General Trading rules
G1. Beware of acting immediately on a widespread public opinion. Even if correct, it will usually delay the move. G2. From a period of dullness and inactivity, watch for and prepare to follow a move in the direction in which volume increases. G3. Limit losses and ride profits, irrespective of all other rules. G4. Light commitments are advisable when market position is not certain. Clearly defined moves are signaled frequently enough to make life interesting and concentration on these moves will prevent unprofitable whip-sawing. G5. Seldom take a position in the direction of an immediately preceding three-day move. Wait for a one-day reversal. G6. Judicious use of stop orders is a valuable aid to profitable trading. Stops may be used to protect profits, to limit losses, and from certain formations such as triangular foci to take positions. Stop orders are apt to be more valuable and less treacherous if used in proper relation the the chart formation. G7. In a market in which upswings are likely to equal or exceed downswings, heavier position should be taken for the upswings for percentage reasons - a decline from 50 to 25 will net only 50% profit, whereas an advance from 25 to 50 will net 100% G8. In taking a position, price orders are allowable. In closing a position, use market orders." G9. Buy strong-acting, strong-background commodities and sell weak ones, subject to all other rules. G10. Moves in which rails lead or participate strongly are usually more worth following than moves in which rails lag. G11. A study of the capitalization of a company, the degree of activity of an issue, and whether an issue is a lethargic truck horse or a spirited race horse is fully as important as a study of statistical reports.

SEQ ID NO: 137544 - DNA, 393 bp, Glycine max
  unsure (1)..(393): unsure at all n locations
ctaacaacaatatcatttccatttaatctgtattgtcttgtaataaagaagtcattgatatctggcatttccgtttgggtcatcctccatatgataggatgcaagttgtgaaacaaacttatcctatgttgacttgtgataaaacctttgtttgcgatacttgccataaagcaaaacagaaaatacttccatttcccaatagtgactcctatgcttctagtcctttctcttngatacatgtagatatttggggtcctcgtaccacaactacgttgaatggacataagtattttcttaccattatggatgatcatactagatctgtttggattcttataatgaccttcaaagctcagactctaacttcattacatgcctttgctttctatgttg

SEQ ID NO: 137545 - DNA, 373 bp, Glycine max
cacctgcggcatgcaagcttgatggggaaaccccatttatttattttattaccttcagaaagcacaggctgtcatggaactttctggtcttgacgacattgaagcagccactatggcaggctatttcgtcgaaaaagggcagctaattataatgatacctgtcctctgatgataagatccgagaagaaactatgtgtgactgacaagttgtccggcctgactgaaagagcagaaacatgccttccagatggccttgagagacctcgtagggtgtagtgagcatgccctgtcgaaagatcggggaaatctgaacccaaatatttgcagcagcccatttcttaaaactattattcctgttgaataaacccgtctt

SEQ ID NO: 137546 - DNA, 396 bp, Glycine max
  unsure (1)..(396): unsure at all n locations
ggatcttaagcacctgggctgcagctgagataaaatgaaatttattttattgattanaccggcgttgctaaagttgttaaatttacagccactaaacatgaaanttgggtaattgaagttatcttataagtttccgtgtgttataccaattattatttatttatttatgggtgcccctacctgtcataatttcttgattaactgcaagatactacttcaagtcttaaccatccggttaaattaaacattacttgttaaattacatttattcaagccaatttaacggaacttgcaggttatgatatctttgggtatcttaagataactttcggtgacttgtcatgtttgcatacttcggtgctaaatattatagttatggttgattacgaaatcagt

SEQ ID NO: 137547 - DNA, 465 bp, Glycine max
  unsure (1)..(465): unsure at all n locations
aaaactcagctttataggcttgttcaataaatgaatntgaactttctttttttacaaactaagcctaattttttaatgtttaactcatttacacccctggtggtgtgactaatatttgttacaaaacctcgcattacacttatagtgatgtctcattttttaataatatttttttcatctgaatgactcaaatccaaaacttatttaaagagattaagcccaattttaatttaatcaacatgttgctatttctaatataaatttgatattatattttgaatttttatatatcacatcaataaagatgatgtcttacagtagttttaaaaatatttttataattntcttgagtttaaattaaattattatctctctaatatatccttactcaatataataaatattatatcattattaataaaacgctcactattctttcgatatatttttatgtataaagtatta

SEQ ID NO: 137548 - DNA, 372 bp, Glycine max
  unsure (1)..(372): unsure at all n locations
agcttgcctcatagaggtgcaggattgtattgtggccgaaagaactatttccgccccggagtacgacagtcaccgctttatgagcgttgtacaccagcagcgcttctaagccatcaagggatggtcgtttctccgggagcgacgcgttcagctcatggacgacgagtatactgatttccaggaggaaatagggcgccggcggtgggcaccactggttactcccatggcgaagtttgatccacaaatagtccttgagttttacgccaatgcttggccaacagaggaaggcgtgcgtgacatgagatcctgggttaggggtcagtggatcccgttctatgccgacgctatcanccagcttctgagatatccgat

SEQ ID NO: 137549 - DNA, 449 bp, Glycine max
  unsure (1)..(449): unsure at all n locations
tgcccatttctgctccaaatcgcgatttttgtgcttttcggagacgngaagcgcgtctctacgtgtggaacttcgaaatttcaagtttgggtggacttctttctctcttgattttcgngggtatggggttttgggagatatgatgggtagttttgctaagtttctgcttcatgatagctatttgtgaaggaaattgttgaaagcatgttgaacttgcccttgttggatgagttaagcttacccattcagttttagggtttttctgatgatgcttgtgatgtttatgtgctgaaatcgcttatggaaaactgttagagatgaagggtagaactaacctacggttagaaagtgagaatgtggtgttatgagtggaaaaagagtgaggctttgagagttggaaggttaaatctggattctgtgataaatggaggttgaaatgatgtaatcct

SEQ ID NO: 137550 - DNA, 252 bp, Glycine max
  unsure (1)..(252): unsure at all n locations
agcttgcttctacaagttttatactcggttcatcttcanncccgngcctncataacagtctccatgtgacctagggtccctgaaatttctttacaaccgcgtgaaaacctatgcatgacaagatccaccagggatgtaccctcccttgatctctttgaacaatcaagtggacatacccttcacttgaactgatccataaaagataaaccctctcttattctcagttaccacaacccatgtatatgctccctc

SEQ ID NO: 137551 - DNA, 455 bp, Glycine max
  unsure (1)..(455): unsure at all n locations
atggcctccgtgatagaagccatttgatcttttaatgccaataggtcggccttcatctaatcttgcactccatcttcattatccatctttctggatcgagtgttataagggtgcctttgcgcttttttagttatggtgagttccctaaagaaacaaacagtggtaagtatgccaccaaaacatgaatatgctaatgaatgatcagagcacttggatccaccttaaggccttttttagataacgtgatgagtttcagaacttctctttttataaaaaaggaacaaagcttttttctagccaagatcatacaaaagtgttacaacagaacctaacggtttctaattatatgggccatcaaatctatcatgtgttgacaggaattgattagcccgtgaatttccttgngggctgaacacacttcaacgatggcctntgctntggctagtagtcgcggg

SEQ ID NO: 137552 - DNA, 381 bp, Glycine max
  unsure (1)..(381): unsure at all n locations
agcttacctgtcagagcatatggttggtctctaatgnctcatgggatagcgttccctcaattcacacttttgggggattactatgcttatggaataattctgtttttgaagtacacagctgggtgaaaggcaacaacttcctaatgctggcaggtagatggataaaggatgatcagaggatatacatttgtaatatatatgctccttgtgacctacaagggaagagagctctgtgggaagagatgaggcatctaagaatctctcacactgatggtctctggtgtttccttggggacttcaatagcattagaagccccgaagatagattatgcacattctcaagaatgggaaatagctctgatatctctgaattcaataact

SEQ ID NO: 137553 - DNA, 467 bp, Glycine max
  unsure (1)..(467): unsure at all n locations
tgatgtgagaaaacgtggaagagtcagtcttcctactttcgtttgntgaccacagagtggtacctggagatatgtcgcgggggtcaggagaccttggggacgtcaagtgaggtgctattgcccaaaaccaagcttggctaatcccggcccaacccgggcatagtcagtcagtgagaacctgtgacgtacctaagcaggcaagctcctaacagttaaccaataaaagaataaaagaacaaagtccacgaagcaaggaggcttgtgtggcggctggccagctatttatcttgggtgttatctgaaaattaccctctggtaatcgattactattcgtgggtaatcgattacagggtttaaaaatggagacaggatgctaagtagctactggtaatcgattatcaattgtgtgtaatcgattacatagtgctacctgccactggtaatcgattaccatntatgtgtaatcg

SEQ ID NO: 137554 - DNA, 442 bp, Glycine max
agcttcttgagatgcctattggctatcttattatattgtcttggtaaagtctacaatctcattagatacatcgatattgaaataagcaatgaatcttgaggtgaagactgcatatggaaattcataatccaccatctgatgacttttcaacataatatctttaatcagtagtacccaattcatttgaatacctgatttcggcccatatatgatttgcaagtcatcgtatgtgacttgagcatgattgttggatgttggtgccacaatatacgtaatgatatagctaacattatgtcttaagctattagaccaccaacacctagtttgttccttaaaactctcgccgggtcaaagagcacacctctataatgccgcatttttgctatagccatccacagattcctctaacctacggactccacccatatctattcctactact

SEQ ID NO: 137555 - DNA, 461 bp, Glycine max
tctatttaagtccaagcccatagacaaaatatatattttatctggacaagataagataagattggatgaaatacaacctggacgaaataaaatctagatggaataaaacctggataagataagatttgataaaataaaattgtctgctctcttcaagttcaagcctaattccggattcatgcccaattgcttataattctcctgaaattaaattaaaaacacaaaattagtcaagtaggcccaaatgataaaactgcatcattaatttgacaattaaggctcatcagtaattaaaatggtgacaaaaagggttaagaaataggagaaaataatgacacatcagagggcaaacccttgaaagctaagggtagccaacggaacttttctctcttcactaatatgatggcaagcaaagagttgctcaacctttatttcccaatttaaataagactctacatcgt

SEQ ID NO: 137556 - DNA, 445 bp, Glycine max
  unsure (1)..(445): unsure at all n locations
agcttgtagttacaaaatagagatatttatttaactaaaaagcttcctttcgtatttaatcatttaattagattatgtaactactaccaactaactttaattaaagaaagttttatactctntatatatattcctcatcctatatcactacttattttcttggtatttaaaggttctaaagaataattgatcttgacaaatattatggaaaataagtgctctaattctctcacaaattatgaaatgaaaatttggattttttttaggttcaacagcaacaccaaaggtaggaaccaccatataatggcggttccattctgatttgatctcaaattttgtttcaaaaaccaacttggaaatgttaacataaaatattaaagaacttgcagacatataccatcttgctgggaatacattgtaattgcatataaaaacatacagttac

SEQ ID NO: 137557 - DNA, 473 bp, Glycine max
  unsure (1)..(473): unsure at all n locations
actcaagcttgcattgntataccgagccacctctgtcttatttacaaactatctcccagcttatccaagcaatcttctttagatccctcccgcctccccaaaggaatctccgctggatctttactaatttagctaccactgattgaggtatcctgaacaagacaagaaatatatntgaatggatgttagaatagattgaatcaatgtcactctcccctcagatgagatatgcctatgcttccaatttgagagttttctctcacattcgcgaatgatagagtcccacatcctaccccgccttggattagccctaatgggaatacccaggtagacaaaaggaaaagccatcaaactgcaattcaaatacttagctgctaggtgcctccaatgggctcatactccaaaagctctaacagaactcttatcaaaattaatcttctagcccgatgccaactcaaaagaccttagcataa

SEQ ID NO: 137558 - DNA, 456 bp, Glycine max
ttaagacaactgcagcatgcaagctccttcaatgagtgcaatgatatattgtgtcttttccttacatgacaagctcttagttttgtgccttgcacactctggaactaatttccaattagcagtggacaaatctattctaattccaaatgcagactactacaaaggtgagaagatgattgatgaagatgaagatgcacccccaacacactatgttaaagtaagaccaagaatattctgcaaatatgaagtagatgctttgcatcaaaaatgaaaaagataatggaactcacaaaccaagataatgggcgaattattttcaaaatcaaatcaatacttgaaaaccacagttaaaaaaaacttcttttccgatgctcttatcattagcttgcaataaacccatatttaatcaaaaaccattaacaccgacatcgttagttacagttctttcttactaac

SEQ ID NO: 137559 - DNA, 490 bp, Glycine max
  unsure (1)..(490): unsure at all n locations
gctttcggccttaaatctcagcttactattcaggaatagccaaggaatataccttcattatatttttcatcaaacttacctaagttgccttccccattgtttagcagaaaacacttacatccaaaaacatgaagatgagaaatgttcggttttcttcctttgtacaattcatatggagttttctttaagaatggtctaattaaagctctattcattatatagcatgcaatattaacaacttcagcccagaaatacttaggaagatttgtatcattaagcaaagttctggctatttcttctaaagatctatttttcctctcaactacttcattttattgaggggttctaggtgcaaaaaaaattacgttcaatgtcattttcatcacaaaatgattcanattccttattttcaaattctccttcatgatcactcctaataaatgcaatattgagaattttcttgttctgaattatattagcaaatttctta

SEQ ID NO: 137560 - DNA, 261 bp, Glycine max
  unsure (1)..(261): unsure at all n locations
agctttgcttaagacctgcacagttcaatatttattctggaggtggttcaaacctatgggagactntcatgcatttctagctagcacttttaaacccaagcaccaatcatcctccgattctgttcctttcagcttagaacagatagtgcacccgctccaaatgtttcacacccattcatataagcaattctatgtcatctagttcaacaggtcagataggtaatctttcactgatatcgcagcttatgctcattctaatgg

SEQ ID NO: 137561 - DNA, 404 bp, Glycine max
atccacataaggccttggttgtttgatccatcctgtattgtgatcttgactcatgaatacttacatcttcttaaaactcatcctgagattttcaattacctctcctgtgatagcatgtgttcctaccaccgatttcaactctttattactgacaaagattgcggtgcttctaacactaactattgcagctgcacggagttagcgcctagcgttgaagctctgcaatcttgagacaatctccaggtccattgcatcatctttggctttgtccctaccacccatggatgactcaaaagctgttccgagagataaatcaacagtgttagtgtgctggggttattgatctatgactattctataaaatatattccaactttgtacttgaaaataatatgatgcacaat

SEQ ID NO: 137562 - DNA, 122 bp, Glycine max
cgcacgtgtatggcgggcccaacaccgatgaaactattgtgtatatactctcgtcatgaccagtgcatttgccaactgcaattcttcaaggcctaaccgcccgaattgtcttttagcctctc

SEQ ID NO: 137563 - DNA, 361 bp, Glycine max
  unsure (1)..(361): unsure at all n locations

Investing in the financial markets can involve considerable risk. Past performance is not necessarily an indication of future performance. The information included in The Smart Money Tracker and The SMT subscribers daily updates is prepared for educational purposes and is not a solicitation, or an offer to buy or sell any security or use any particular system. Information is based on historical research using data believed to be reliable, but there is no guarantee as to its accuracy. G.D.S L.L.C., nor Gary Savage, do not represent themselves as acting in the position of an investment adviser or investment manager for funds that are not under their direct control and fiduciary responsibility. GDS L.L.C., Gary Savage, will not provide you with personally tailored advice concerning the nature, potential, value or suitability of any particular security, portfolio or securities, transaction, investment strategy or other matter. From time to time, GDS L.L.C., Gary Savage, may hold positions in securities mentioned, but are under no obligation to hold such positions.